2014-17 | With Carvalho | March 2015
We study how real exchange rate dynamics are affected by monetary policy in dynamic, stochastic, general equilibrium, sticky-price models. Our analytical and quantitative results show that the source of interest rate persistence –policy inertia or persistent policy shocks — is key. When the monetary policy rule has a strong interest rate smoothing component, these models fail to generate high real exchange rate persistence in response to monetary shocks, as policy inertia hampers their ability to generate a hump-shaped response to such shocks. Moreover, in the presence of persistent monetary shocks, increasing policy inertia may decrease real exchange rate persistence.
2013-32 | With Daly, Fernald, and Jorda | November 2014
The evolution of the secular and business-cycle comovement between different components of the production function and unemployment, Okun’s law, provides important stylized facts for macro modelers. We show that total hours worked adjust two-to-one to changes in the unemployment rate. The cyclicality of productivity has changed over time and as a function of the type of shock hitting the economy. Even the responses of different margins to shocks vary over time. We document these and other features of the data using the growth-accounting decomposition in Fernald (2014)
2013-31 | With Carvalho | March 2015
We develop a multisector model in which capital and labor are free to move across firms within each sector, but cannot move across sectors. To isolate the role of sectoral specificity, we compare our model with otherwise identical multisector economies with either economy-wide or firm-specific factor markets. Sectoral factor specificity generates within-sector strategic substitutability and tends to induce across-sector strategic complementarity in price setting. Our model can produce either more or less monetary non-neutrality than those other two models, depending on parameterization and the distribution of price rigidity across sectors. Under the empirical distribution for the U.S., our model behaves similarly to an economy with firm-specific factors in the short-run, and later on approaches the dynamics of the model with economy-wide factor markets. This is consistent with the idea that factor price equalization might take place gradually over time, so that firm-specificity may serve as a reasonable short-run approximation, whereas economy-wide markets are likely a better description of how factors of production are allocated in the longer run.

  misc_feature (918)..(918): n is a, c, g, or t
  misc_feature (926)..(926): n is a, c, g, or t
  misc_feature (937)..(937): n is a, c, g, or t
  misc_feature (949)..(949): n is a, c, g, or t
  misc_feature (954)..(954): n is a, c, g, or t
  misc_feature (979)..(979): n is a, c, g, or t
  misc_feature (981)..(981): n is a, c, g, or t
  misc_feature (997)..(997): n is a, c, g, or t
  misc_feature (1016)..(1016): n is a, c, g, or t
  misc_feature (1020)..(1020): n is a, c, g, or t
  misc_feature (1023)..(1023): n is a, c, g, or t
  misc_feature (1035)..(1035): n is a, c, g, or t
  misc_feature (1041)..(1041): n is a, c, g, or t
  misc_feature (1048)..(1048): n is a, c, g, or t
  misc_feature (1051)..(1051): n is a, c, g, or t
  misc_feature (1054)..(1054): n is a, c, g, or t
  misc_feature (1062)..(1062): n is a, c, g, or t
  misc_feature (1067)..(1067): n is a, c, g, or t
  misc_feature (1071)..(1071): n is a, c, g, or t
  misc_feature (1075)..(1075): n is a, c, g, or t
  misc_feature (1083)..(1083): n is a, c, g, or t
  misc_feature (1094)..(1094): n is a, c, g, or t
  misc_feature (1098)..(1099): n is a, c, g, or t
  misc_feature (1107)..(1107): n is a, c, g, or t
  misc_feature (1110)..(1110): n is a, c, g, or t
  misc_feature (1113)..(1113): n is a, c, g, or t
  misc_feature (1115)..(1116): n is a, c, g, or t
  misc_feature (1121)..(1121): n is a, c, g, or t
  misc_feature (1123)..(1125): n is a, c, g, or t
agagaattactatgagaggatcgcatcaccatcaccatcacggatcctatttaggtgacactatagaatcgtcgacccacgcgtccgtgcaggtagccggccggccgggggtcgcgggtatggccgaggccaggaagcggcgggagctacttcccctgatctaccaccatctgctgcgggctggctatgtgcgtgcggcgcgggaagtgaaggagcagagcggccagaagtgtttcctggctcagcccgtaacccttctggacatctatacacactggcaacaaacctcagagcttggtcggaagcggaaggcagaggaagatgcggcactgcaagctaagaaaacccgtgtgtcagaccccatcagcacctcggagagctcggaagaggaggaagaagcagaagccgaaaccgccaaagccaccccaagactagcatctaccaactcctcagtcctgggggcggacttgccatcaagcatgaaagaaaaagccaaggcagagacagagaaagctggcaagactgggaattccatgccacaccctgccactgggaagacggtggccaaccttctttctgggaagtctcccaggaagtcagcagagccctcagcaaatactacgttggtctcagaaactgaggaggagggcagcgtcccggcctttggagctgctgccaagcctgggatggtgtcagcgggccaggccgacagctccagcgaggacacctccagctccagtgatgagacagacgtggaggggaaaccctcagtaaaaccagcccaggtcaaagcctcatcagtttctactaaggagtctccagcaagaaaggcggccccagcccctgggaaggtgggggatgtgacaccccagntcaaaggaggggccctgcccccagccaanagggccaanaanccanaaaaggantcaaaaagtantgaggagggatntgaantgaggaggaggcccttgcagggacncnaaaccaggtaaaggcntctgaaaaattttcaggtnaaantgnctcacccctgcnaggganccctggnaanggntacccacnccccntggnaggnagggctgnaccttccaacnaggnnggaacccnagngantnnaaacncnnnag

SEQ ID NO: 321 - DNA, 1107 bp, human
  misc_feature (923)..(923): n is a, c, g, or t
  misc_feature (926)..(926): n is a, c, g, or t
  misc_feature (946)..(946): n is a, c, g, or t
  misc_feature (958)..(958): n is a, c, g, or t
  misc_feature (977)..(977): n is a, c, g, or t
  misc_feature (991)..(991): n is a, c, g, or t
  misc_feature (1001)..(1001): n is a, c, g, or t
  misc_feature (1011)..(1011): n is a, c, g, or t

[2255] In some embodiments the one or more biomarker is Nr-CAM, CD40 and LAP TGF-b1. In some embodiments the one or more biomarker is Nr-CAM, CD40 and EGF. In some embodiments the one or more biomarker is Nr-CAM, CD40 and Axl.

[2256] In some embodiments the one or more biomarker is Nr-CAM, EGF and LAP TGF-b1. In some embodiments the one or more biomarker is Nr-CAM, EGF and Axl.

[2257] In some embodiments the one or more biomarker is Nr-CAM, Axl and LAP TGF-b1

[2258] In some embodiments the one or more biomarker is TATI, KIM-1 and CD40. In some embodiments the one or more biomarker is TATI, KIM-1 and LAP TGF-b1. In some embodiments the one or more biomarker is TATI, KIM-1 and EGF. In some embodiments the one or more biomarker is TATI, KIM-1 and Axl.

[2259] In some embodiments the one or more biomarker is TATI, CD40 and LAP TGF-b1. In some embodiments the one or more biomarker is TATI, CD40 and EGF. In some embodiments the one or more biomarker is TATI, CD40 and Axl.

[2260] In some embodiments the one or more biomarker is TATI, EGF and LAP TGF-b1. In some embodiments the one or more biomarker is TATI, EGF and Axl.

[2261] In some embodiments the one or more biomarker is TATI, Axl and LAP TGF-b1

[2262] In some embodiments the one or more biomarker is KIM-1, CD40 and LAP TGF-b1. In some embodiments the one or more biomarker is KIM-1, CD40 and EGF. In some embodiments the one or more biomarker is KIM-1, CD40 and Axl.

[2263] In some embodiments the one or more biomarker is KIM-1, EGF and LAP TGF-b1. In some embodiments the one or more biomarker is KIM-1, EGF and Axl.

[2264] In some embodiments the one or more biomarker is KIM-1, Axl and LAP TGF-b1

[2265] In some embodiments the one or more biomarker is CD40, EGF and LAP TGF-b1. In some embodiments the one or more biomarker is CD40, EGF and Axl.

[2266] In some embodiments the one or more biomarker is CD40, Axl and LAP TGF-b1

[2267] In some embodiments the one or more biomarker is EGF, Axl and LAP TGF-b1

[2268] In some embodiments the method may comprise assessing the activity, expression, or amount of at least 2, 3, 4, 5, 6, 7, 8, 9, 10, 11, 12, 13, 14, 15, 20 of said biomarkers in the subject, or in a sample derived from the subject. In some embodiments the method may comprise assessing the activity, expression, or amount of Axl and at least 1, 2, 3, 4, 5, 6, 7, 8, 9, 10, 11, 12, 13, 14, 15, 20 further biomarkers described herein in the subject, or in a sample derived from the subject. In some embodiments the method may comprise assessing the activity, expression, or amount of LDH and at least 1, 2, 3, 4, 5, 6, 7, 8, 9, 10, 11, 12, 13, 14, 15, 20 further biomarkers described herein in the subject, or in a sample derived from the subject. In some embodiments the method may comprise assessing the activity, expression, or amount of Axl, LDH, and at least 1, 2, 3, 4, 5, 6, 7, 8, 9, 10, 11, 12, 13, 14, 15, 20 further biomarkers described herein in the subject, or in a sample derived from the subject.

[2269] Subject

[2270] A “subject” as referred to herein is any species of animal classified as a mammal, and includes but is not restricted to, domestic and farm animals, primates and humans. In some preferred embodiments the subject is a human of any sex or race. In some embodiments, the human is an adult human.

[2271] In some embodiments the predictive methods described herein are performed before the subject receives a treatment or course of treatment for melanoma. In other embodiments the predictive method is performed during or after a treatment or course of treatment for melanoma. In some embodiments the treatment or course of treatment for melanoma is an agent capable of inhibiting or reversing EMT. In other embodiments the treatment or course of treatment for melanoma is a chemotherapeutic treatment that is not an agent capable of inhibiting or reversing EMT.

2012-08 | With Carvalho | July 2012
The standard argument for abstracting from capital accumulation in sticky-price macro models is based on their short-run focus: over this horizon, capital does not move much. This argument is more problematic in the context of real exchange rate (RER) dynamics, which are very persistent. In this paper we study RER dynamics in sticky-price models with capital accumulation. We analyze both a model with an economy-wide rental market for homogeneous capital, and an economy in which capital is sector specific. We find that, in response to monetary shocks, capital increases the persistence and reduces the volatility of RERs. Nevertheless, versions of the multi-sector sticky-price model of Carvalho and Nechio (2011) augmented with capital accumulation can match the persistence and volatility of RERs seen in the data, irrespective of the type of capital. When comparing the implications of capital specificity, we find that, perhaps surprisingly, switching from economy-wide capital markets to sector-specific capital tends to decrease the persistence of RERs in response to monetary shocks. Finally, we study how RER dynamics are affected by monetary policy and find that the source of interest rate persistence – policy inertia or persistent policy shocks – is key.
2010-26 | September 2014
Using the Survey of Consumer Finances data about individual stocks ownership, I compare households’ decision to invest in domestic versus foreign stocks. The data show that information plays a larger role in households’ decision to enter foreign stock markets. Households that invest in foreign stocks are more sophisticated in their sources of information – they use the Internet more often as a main source of information, talk to their brokers, trade more frequently, and shop more for investment opportunities. Adding to the wedge between the two groups of investors, foreign stock owners are also substantially wealthier, more educated, and less risk averse than households who focus on domestic stocks only. Furthermore, ownership of foreign stocks increases if the household is headed by women.